In addition, the Brazilian ex-president states that he opposed Maduro for “institutional matters.”
The former Brazilian president, Michel Temer, said that during his tenure, during a dinner with his peers from Colombia and Panama, US President Donald Trump asked them how to intervene in Venezuela.
Temer, who assumed the first magistracy in August 2016 after the ‘impeachment’ against the then president Dilma Rousseff, labeled by several countries as a “coup d’etat”, made this comment before a question from the webportal “ALnavío” during a meeting with the ex- president in Casa de América, in Madrid (Spain).
Temer, who was also former vice president of Rousseff, recalled that during the General Assembly of the United Nations (UN), held in New York in 2017, Trump invited him along with the then leaders of Colombia, Juan Manuel Santos, and Panama, Juan Carlos Varela, to a dinner where he asked how to intervene in Venezuela.
“Santos and I told him that we would make diplomatic decisions, that we weren’t going to do anything in the military style,” published the outlet.
“I opposed Nicolás Maduro”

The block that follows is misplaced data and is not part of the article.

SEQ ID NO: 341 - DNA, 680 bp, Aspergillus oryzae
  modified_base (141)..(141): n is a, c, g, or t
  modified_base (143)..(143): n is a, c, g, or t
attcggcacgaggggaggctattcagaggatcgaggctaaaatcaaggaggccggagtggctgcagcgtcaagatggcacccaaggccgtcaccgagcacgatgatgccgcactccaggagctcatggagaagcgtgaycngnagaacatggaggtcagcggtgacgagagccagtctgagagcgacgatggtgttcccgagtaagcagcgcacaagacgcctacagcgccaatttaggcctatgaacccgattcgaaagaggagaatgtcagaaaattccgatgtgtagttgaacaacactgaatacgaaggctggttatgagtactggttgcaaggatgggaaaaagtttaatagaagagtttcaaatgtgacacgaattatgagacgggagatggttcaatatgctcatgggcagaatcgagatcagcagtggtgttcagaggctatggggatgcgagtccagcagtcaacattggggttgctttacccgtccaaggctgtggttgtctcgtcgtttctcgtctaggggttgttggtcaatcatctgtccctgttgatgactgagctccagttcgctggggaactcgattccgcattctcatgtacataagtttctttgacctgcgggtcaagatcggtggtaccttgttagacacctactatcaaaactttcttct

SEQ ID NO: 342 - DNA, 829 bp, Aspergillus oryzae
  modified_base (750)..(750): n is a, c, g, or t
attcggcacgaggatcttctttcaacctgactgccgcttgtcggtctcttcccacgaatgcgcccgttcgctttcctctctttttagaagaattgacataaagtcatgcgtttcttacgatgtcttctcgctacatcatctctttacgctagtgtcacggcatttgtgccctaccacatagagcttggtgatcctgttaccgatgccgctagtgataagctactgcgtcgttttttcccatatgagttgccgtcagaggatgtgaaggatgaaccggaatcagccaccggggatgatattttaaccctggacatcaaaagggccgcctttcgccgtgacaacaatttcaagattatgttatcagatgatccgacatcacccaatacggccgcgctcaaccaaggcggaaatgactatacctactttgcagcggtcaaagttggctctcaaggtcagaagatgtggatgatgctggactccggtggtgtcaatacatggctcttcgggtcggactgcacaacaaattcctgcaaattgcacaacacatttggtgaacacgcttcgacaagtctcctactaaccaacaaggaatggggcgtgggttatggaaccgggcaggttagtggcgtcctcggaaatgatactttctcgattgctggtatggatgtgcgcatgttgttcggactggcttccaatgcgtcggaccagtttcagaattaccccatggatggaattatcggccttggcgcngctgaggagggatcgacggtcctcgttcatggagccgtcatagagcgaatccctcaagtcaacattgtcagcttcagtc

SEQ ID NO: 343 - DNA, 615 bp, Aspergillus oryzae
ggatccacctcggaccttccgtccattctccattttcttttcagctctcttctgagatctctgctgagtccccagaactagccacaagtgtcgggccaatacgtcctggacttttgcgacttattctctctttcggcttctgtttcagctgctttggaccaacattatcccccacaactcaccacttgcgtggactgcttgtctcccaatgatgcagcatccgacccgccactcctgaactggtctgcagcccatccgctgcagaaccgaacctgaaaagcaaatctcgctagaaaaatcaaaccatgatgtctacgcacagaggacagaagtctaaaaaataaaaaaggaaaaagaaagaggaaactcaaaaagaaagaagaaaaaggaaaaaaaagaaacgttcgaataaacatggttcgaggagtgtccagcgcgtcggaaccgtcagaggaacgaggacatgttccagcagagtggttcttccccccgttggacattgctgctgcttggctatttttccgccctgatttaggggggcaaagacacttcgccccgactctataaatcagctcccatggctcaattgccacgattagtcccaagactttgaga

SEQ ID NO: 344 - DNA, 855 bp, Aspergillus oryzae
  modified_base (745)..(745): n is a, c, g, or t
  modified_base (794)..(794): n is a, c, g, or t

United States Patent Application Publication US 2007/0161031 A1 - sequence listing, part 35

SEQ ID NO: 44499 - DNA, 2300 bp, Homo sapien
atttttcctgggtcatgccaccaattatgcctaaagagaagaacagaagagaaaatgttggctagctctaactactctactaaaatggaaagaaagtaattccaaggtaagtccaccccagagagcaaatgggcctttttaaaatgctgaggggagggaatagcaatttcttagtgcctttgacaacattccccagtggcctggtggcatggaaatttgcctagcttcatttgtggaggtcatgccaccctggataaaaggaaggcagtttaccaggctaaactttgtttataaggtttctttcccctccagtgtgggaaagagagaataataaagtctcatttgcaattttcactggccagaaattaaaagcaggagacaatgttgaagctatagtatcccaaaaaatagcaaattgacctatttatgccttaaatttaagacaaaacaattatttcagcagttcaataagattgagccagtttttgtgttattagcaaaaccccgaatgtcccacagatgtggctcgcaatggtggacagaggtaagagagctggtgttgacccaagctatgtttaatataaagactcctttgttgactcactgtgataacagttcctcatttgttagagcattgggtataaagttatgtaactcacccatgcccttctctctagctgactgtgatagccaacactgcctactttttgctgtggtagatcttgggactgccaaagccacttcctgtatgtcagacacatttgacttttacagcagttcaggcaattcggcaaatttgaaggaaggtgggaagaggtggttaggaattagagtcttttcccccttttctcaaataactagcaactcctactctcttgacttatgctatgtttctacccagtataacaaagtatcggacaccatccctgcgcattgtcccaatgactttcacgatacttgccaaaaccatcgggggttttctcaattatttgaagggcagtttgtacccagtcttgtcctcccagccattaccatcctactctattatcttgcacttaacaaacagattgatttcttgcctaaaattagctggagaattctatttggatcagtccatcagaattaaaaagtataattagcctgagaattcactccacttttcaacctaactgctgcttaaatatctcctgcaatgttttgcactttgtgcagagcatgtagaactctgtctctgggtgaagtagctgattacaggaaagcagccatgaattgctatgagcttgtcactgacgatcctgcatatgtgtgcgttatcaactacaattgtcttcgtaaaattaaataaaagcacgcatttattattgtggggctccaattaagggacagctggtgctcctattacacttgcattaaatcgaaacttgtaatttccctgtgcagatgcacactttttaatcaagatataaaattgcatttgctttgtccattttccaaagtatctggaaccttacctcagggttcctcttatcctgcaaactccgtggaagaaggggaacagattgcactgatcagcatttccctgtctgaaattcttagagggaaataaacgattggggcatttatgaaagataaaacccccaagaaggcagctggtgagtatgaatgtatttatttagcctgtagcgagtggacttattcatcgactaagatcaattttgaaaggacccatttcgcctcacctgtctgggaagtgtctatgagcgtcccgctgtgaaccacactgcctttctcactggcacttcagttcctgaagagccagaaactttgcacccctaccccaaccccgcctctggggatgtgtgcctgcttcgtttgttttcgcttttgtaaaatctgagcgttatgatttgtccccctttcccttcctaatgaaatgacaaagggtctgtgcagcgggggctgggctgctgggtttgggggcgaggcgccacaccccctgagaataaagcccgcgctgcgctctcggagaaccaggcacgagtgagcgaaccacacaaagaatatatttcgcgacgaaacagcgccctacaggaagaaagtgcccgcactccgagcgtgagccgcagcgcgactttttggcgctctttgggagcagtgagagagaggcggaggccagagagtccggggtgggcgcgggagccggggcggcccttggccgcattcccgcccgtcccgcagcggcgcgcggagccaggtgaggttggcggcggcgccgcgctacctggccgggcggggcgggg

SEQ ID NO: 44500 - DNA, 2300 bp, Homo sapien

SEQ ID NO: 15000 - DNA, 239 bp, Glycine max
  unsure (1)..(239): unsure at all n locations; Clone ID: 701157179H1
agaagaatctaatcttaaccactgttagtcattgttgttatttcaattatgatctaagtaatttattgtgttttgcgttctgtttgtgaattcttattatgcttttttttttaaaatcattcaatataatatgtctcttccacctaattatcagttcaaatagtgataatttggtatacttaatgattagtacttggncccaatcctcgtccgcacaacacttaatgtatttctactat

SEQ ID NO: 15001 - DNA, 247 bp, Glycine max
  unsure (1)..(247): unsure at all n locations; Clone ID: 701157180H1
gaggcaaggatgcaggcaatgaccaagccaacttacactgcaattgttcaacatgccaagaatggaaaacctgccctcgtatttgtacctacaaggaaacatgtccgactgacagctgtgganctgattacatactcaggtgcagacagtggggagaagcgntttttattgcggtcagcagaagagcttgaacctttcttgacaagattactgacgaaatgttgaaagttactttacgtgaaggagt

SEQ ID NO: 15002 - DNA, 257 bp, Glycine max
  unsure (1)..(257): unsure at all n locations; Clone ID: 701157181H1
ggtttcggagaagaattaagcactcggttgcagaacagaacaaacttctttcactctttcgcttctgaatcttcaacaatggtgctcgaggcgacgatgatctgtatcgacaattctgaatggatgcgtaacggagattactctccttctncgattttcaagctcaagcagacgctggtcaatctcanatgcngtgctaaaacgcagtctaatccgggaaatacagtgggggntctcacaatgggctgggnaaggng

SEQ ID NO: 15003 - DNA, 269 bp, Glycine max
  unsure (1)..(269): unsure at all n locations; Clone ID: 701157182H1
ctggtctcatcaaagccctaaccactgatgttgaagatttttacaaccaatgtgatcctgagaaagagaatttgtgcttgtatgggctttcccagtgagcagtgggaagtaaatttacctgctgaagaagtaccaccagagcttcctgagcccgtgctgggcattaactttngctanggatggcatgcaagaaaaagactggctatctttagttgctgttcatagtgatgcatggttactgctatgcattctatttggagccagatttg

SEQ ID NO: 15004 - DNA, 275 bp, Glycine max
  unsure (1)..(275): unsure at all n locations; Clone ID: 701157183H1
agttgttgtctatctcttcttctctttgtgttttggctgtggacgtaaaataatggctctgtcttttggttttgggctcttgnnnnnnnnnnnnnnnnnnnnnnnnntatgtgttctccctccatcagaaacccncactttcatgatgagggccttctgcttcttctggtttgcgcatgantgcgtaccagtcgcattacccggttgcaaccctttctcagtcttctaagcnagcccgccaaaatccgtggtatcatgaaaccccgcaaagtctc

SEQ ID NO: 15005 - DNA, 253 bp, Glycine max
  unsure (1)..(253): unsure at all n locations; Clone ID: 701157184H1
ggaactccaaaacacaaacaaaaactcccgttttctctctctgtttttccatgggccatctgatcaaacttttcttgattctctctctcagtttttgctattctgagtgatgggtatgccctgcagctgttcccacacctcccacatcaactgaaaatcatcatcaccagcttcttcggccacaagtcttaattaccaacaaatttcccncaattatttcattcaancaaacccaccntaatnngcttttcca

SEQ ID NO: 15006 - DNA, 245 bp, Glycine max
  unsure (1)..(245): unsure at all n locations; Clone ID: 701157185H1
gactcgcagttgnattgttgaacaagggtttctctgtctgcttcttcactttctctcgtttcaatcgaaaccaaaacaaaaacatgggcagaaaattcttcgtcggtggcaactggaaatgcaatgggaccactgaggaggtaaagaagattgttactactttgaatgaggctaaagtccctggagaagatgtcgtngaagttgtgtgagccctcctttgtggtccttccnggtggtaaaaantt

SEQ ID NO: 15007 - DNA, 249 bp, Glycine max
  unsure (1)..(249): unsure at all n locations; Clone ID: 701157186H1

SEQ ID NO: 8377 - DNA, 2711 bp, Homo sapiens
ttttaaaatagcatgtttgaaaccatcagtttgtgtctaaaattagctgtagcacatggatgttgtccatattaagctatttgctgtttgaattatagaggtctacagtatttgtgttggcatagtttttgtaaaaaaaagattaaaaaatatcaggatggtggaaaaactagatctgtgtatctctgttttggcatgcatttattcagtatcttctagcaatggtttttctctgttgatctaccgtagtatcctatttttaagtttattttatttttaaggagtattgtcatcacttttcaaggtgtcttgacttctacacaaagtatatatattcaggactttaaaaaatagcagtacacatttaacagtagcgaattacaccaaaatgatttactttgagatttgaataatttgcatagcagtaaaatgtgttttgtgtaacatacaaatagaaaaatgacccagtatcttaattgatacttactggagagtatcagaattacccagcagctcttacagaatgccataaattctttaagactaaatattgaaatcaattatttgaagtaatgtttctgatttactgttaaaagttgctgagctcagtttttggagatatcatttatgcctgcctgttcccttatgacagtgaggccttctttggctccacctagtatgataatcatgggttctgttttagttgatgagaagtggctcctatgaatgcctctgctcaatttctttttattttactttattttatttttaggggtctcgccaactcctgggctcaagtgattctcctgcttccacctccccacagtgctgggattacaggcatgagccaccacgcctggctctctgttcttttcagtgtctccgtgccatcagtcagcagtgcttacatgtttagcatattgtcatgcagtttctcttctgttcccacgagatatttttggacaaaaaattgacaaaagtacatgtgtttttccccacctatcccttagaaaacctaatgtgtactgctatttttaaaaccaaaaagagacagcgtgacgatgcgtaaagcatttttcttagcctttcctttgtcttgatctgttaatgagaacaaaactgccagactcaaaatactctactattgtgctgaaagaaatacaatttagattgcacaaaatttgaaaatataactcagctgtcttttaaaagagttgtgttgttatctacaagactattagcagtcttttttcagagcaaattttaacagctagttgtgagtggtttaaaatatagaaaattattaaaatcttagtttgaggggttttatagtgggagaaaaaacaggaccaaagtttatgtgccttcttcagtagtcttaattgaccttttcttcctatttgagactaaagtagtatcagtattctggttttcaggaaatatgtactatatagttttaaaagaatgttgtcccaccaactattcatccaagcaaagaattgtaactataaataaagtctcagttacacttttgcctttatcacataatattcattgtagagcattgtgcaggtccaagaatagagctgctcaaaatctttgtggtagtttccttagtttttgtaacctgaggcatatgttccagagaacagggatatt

At the meeting, he explained that the situation with the neighboring country was one of the major problems of his Government in the international arena: “I opposed Nicolás Maduro not because of something personal but because of something institutional.”
During his speech, he assured that “solutions are gradually appearing” in Venezuela, where in his view there is “a problem of radicalization.”
In his opinion, the self-proclamation of the opposition deputy Juan Guaidó , which occurred in January this year, was an extraordinary movement .”
The government of Temer coincided with the creation of the Lima Group, which does not recognizes the legitimacy of Maduro and the Venezuelan public powers, and which was formed to bypass the Organization of American States (OAS).
The pressure advanced by Washington against Caracas has increased in recent years.
For his part, Trump had said a month before the meeting with the ex-plaintiffs that he did not rule out a military intervention in Venezuela.
Featured image: U.S. President Donald Trump meets with Brazil’s Michel Temer at a working dinner with Latin American leaders in New York, USA, on September 18, 2017. Kevin Lamarque / Reuters
Translated by JRE/EF